1752 Manion and Simpson v. UAW-Ford Dept.
Case No: 1752
The International Union’s defense of the settlements as rational is based on a misunderstanding of the process set in motion by the reinstitution of a grievance in response to an appeal presented in accordance with Article 33 of the International Constitution. The broad discretion normally exercised by a grievance handler in the negotiation of a grievance settlement does not apply to reinstated grievances. After a grievance has been reinstated, the job of the representative assigned to handle the grievance is to address the problem identified by the remanding authority.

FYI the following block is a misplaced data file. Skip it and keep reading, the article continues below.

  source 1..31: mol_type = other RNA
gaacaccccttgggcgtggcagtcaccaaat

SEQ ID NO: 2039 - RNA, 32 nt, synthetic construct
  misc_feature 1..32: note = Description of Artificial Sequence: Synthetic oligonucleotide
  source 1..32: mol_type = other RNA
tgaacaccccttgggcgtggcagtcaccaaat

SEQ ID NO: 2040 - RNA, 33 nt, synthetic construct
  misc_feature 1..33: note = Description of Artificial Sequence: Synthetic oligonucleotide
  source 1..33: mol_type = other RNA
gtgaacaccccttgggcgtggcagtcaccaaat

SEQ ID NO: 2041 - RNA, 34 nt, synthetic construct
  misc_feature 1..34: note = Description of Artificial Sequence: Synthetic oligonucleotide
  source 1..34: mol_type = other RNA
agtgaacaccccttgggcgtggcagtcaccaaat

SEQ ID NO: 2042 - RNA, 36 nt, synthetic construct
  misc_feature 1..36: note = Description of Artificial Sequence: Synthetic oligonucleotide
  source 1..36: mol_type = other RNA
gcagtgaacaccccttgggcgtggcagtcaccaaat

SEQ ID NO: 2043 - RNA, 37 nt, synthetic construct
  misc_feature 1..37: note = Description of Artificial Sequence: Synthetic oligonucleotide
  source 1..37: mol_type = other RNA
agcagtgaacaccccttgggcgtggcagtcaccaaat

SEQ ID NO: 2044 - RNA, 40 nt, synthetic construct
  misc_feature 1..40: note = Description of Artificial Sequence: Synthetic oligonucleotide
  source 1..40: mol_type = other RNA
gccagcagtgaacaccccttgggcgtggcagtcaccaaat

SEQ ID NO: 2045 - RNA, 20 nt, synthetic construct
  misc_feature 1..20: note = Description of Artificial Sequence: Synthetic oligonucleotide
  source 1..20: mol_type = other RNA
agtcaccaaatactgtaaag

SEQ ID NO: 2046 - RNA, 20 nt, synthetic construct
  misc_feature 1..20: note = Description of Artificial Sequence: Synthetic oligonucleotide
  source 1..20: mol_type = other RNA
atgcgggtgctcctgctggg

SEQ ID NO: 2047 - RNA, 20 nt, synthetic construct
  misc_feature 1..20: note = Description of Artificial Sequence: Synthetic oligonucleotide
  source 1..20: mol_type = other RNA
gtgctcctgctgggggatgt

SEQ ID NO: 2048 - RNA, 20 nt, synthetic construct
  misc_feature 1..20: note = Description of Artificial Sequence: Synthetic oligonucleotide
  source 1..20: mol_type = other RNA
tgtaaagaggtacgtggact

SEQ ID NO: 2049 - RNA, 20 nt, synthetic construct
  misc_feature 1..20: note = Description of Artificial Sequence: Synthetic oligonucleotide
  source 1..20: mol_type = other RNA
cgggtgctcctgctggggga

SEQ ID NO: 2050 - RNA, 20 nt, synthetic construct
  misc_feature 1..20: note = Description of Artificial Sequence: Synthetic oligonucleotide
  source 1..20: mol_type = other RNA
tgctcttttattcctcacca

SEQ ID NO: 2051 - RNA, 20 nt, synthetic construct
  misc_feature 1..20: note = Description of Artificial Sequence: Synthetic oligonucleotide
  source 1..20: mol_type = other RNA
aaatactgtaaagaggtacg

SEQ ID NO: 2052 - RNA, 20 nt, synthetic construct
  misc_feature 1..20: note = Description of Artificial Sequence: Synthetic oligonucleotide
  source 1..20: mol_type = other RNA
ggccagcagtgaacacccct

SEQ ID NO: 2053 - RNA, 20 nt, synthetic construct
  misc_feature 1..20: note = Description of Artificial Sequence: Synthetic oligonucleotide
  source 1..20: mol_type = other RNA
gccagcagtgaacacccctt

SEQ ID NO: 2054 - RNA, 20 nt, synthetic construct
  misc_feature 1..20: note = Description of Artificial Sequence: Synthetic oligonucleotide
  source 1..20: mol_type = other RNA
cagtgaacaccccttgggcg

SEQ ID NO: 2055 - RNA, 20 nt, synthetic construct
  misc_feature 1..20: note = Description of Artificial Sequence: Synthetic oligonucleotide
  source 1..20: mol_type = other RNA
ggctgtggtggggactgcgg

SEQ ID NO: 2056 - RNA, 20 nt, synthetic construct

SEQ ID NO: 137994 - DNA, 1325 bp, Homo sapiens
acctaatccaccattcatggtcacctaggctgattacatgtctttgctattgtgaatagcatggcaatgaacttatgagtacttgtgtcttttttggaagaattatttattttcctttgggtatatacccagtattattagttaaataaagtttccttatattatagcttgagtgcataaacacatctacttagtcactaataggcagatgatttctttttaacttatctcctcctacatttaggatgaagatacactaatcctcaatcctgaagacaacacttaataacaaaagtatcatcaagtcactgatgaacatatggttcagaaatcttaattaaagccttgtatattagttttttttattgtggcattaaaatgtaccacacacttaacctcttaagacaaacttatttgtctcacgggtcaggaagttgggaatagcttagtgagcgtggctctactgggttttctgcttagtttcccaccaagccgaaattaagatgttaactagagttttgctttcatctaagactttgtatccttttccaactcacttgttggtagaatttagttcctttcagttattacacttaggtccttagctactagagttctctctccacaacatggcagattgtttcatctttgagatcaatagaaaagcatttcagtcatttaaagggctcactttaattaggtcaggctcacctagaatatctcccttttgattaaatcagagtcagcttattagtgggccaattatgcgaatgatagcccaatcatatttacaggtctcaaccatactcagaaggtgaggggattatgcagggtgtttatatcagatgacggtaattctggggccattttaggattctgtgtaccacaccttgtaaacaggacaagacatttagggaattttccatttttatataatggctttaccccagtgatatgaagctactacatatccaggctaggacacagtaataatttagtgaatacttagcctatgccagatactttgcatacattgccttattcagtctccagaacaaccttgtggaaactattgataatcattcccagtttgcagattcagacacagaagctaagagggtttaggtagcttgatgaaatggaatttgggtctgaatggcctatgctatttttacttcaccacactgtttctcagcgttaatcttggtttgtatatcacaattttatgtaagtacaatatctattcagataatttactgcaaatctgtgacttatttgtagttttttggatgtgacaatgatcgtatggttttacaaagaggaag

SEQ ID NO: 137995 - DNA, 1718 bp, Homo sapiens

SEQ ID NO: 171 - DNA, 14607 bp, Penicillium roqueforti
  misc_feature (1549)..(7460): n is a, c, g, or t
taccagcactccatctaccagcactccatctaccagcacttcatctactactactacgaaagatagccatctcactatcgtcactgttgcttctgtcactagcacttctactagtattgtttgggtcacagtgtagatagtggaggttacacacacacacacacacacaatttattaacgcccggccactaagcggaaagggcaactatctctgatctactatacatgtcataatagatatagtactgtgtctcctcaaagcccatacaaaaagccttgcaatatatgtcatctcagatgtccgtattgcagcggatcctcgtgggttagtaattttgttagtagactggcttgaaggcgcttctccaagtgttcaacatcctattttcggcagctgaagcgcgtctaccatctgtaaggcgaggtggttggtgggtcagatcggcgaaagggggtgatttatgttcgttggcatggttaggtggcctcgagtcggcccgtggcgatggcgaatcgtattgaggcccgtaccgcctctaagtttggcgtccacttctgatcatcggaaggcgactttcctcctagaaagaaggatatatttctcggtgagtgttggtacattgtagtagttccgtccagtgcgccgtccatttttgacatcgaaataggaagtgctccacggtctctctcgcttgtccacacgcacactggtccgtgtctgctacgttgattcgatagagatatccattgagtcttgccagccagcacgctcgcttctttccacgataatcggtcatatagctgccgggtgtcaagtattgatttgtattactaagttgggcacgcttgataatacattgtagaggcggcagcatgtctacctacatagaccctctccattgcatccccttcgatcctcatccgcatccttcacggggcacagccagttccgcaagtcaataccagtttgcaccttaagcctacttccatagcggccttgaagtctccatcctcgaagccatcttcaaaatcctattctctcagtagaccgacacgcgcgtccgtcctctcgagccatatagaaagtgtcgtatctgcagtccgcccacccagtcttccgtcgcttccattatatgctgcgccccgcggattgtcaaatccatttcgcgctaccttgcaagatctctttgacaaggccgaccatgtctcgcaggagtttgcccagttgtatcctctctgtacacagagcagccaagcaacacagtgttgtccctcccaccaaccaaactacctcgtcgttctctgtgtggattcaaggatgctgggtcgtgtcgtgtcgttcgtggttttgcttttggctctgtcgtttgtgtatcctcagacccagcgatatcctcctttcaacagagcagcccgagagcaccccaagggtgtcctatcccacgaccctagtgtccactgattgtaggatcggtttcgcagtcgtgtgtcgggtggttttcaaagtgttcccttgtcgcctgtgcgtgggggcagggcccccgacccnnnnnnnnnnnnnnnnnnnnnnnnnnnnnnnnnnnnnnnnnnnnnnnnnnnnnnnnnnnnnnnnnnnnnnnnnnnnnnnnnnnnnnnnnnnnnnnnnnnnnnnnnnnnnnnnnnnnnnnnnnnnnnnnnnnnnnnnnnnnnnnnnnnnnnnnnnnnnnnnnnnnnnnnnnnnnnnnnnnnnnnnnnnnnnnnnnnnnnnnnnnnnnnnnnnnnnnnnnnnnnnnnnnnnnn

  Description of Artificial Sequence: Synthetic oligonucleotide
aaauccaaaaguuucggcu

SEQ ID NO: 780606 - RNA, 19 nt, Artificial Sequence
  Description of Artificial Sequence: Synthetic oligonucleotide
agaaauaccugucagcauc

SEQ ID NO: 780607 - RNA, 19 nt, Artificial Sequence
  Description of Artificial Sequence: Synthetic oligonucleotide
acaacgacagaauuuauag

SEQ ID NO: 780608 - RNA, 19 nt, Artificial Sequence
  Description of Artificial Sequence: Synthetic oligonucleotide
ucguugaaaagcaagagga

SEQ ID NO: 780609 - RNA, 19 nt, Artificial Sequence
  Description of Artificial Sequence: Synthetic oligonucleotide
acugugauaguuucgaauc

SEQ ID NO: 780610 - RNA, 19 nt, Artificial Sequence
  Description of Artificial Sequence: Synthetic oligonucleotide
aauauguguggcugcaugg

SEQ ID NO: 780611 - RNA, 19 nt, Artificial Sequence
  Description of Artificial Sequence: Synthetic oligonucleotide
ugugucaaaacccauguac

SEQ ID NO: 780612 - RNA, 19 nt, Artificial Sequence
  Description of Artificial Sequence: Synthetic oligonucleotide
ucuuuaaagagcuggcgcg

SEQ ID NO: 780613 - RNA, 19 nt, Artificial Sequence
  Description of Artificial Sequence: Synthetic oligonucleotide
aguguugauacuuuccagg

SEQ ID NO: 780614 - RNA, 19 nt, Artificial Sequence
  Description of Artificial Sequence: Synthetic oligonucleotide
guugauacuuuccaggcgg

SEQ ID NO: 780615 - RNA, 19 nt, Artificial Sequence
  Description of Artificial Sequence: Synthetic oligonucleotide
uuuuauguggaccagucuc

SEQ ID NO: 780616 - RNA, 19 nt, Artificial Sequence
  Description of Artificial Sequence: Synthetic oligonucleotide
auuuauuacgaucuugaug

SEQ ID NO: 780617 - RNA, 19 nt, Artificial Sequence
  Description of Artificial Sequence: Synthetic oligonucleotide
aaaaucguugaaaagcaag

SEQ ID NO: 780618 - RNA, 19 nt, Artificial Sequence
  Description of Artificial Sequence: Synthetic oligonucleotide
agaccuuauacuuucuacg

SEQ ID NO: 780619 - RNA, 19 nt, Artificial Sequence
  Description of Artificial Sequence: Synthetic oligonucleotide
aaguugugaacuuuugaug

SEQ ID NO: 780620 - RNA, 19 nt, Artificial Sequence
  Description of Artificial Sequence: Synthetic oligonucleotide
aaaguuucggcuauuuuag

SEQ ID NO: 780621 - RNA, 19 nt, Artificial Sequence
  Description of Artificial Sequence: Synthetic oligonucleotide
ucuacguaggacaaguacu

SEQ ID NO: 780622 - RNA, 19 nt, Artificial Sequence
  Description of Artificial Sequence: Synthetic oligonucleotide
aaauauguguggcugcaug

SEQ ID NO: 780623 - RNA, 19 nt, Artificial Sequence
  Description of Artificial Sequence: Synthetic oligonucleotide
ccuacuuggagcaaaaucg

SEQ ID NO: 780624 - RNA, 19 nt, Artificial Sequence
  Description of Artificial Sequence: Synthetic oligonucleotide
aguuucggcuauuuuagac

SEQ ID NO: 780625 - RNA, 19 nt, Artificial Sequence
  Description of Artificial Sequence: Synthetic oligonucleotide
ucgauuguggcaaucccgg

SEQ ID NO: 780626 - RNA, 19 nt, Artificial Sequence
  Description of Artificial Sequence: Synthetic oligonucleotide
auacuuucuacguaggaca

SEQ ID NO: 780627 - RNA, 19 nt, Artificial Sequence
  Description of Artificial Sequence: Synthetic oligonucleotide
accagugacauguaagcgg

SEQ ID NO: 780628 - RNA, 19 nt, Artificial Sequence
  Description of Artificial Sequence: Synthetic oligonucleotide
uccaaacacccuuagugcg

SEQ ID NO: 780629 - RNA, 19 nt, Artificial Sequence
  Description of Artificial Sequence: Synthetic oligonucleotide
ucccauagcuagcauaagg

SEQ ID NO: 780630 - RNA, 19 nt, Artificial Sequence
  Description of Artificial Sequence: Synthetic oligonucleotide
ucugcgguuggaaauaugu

Furthermore, the IEB’s jurisdiction to review complaints about the handling of grievances is not limited to allegations that the matter was improperly handled as a result of fraud, discrimination, or collusion with management, or that the disposition of the matter was devoid of a rational basis. The IEB may declare, as a matter of the International Union’s collective bargaining policy, that the resolution of a grievance was inadequate on its merits. That is essentially what happened in this case. If a settlement acceptable to appellants cannot be negotiated, the Umpire Staff must move beyond the position it previously asserted with respect to the merits of appellants’ claims and be prepared to make a persuasive argument following the reasoning stated in the IEB’s 2013 discussion.
Issues addressed in this decisionContract interpretations
Powers of International officers
Processing of appeals
Processing of grievances
Rational basis test